The boy who knew too much: a child prodigy

This is the true story of scientific child prodigy, and former baby genius, Ainan Celeste Cawley, written by his father. It is the true story, too, of his gifted brothers and of all the Cawley family. I write also of child prodigy and genius in general: what it is, and how it is so often neglected in the modern world. As a society, we so often fail those we should most hope to see succeed: our gifted children and the gifted adults they become. Site Copyright: Valentine Cawley, 2006 +

Sunday, December 02, 2007

A little shop of horrors.

Today, we went to the airport, fairly early, in a surprise visit, to see my mother and sister off on their journey back home.

In the course of that visit, we passed a clothing shop, on the concourse. There were six of us: my mother, my sister, Syahidah, Ainan, Tiarnan and myself. Fintan was busy elsewhere. As we passed the shop, Tiarnan suddenly stopped and said: "Tacot" (spelling to be checked), which is Malay for "I am scared." What was he scared of? A mannequin stood before him, without an essential part of its anatomy. It was headless. Tiarnan found this apparition scarey. He tapped his chest in the symbol for fear and looked up at the unfortunate "person" before him. Why would a headless body be wearing a short-sleeved shirt in a shop, he may have wondered?

Then he noticed something at the other side of the shop and pointed: "There's the head!", he said.

Sure enough. At the other side of the shop, there was a head, on its own, without a body, wearing sun glasses. Tiarnan had, seemingly, found the headless one's head. He was somewhat relieved to have found the unfortunate mannequin's head for him, but I don't think he was entirely reassured that it was a sensible arrangement - to have one's head so far separated from one's body.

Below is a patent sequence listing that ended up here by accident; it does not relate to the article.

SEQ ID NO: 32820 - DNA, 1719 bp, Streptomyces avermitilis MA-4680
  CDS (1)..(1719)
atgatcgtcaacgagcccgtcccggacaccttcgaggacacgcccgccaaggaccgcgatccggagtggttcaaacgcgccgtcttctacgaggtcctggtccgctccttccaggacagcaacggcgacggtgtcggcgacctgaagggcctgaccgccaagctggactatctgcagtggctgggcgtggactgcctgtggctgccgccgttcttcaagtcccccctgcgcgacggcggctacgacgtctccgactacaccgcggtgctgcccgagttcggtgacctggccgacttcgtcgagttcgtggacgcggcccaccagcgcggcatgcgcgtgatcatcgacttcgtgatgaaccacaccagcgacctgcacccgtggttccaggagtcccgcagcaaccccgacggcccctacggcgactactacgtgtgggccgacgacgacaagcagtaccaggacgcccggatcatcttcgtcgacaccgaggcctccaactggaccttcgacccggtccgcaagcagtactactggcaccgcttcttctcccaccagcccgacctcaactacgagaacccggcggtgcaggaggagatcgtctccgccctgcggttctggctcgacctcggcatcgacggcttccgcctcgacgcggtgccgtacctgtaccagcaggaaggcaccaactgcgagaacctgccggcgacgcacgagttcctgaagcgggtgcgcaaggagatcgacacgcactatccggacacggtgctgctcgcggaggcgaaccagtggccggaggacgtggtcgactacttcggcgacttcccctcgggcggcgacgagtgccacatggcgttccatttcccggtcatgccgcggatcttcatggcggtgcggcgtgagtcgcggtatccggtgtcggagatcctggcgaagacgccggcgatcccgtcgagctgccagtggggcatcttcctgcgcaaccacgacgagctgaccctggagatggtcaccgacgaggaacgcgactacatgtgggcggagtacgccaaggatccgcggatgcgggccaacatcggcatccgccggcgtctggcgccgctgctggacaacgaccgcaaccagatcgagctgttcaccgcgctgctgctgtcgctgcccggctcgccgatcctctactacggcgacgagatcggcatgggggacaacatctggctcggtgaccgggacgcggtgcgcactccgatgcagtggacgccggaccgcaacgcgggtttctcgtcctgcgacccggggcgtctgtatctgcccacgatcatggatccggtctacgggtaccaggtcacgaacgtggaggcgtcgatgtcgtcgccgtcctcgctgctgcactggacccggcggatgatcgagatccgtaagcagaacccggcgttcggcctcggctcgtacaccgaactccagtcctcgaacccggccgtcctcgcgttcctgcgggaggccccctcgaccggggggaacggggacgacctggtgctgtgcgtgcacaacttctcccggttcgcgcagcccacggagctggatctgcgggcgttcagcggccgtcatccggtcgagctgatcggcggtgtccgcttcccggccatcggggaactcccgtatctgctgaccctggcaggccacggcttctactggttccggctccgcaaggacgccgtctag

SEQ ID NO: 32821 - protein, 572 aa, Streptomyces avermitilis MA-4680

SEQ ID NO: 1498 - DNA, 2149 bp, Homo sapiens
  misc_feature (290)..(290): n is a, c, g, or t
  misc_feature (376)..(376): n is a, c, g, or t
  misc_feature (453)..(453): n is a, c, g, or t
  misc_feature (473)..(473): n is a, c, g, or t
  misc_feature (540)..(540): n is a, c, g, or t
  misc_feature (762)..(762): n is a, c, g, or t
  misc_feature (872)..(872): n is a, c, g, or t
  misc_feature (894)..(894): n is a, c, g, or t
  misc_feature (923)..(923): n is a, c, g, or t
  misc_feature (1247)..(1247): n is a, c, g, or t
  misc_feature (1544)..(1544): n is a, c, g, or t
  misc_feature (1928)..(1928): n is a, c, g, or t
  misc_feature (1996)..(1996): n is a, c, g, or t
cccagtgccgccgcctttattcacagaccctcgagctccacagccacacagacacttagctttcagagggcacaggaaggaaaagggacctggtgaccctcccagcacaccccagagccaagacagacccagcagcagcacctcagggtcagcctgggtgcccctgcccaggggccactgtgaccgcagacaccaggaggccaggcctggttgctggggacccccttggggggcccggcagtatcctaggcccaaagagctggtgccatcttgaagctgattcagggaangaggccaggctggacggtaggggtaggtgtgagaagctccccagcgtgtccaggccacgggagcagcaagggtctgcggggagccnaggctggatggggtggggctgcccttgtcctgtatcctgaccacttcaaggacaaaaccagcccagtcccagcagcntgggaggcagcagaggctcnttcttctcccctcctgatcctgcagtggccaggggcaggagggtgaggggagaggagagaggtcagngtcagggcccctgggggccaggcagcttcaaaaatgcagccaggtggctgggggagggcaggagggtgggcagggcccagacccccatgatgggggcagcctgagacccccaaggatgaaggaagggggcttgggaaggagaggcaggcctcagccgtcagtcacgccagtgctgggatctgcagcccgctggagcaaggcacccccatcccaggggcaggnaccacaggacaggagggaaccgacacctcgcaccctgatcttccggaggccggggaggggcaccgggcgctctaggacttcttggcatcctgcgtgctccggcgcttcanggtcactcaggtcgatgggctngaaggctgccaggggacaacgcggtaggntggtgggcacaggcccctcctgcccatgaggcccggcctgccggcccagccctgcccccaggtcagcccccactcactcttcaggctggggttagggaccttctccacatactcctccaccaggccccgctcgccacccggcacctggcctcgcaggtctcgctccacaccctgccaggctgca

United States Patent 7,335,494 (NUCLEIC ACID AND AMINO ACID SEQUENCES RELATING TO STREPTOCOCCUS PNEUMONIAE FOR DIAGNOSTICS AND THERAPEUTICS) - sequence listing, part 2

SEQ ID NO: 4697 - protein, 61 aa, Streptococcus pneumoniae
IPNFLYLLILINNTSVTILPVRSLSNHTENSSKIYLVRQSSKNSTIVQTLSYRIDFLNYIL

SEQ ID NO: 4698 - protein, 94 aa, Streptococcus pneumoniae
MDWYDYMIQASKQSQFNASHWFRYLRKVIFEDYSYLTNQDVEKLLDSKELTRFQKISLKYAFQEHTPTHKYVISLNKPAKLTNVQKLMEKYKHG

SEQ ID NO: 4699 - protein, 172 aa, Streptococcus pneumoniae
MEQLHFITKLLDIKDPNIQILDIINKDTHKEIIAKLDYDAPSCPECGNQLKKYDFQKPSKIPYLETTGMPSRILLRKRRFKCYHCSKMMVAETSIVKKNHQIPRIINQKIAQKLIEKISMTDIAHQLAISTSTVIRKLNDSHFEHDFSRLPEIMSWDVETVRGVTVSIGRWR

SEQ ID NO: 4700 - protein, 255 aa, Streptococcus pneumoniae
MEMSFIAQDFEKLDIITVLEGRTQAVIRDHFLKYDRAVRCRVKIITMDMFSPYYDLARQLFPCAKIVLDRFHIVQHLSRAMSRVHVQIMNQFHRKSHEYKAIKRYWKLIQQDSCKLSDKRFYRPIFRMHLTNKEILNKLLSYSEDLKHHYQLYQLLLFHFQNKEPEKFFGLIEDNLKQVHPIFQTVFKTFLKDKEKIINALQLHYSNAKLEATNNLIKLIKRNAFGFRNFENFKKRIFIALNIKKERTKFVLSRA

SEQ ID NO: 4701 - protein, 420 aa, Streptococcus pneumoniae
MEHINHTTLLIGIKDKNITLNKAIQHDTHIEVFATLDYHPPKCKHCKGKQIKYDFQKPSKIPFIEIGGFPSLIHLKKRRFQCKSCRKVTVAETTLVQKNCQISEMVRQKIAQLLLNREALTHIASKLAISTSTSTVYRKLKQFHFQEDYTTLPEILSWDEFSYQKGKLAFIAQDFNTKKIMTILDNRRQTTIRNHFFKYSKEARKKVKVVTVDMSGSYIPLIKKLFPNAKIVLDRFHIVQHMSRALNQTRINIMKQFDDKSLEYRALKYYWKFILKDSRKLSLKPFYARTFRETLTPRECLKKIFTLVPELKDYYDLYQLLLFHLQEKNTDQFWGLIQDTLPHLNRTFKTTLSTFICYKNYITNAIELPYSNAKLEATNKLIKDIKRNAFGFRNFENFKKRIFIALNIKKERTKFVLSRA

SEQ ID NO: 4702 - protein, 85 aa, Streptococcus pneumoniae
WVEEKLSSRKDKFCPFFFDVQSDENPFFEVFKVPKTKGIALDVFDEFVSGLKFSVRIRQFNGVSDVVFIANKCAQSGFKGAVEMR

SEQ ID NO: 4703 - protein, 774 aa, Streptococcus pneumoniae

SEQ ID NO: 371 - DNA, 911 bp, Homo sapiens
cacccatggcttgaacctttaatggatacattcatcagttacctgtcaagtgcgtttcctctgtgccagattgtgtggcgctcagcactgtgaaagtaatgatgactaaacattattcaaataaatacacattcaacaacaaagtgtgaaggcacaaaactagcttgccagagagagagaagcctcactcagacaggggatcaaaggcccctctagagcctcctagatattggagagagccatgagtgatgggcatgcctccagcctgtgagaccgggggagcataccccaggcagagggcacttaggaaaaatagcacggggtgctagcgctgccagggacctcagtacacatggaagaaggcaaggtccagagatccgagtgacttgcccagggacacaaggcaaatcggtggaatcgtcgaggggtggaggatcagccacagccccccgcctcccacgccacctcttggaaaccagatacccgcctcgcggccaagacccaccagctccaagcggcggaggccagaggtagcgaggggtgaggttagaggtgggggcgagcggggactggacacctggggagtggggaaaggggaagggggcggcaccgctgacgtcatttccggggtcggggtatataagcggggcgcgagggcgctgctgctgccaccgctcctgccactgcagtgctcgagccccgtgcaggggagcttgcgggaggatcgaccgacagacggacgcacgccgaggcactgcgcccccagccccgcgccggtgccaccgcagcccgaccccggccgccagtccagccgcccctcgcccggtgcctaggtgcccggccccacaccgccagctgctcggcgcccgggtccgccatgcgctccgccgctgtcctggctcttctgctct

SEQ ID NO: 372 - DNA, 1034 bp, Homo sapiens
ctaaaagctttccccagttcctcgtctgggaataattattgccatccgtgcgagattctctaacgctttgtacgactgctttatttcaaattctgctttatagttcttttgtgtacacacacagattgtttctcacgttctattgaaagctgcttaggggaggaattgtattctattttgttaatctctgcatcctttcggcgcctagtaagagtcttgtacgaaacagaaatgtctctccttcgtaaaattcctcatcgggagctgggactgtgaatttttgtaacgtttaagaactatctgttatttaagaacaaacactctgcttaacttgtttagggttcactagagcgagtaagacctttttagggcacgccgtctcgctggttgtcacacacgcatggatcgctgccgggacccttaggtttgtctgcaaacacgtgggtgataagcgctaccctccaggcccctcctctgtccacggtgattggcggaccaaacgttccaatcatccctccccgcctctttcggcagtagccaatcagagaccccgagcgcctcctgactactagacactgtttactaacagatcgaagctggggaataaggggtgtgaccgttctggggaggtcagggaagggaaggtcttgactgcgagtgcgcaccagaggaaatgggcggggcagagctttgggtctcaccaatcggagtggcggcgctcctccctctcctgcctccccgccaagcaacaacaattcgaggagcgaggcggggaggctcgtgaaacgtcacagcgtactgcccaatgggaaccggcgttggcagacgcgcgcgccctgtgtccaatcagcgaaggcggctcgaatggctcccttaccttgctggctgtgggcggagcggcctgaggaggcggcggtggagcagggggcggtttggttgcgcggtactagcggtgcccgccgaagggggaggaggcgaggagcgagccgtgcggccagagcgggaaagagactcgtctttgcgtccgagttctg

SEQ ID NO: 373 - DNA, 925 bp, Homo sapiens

Tellingly, he wouldn't venture into the shop. He bypassed it carefully, leaving the headless and bodiless ones to their fate.

How funny it is to see an innocent child's reaction to modern marketing practices. Truly, it is a fearful thing to sell a shirt with a headless body - or to sell sunglasses with a bodiless head. Certainly, anyway, in the eyes of a twenty-two month old toddler.

He was happy to be led away to a less scarey part of the airport.

(If you would like to learn more of Ainan Celeste Cawley, a scientific child prodigy, aged eight years and no months, or his gifted brothers, Fintan, four years and five months, and Tiarnan, twenty-two months, please go to: I also write of gifted education, IQ, intelligence, the Irish, the Malays, College, University, Chemistry, Science, genetics, left-handedness, precocity, child prodigy, child genius, baby genius, adult genius, savant, gifted adults and gifted children in general. Thanks.)

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posted by Valentine Cawley @ 12:49 PM 


Anonymous Shaza (MY) said...

Hi. It should spell as "Takut" :)

11:55 AM  
Blogger Valentine Cawley said...

Thank you Shaza...I will correct it above - and use this spelling in future.

Much appreciated.

12:02 PM  

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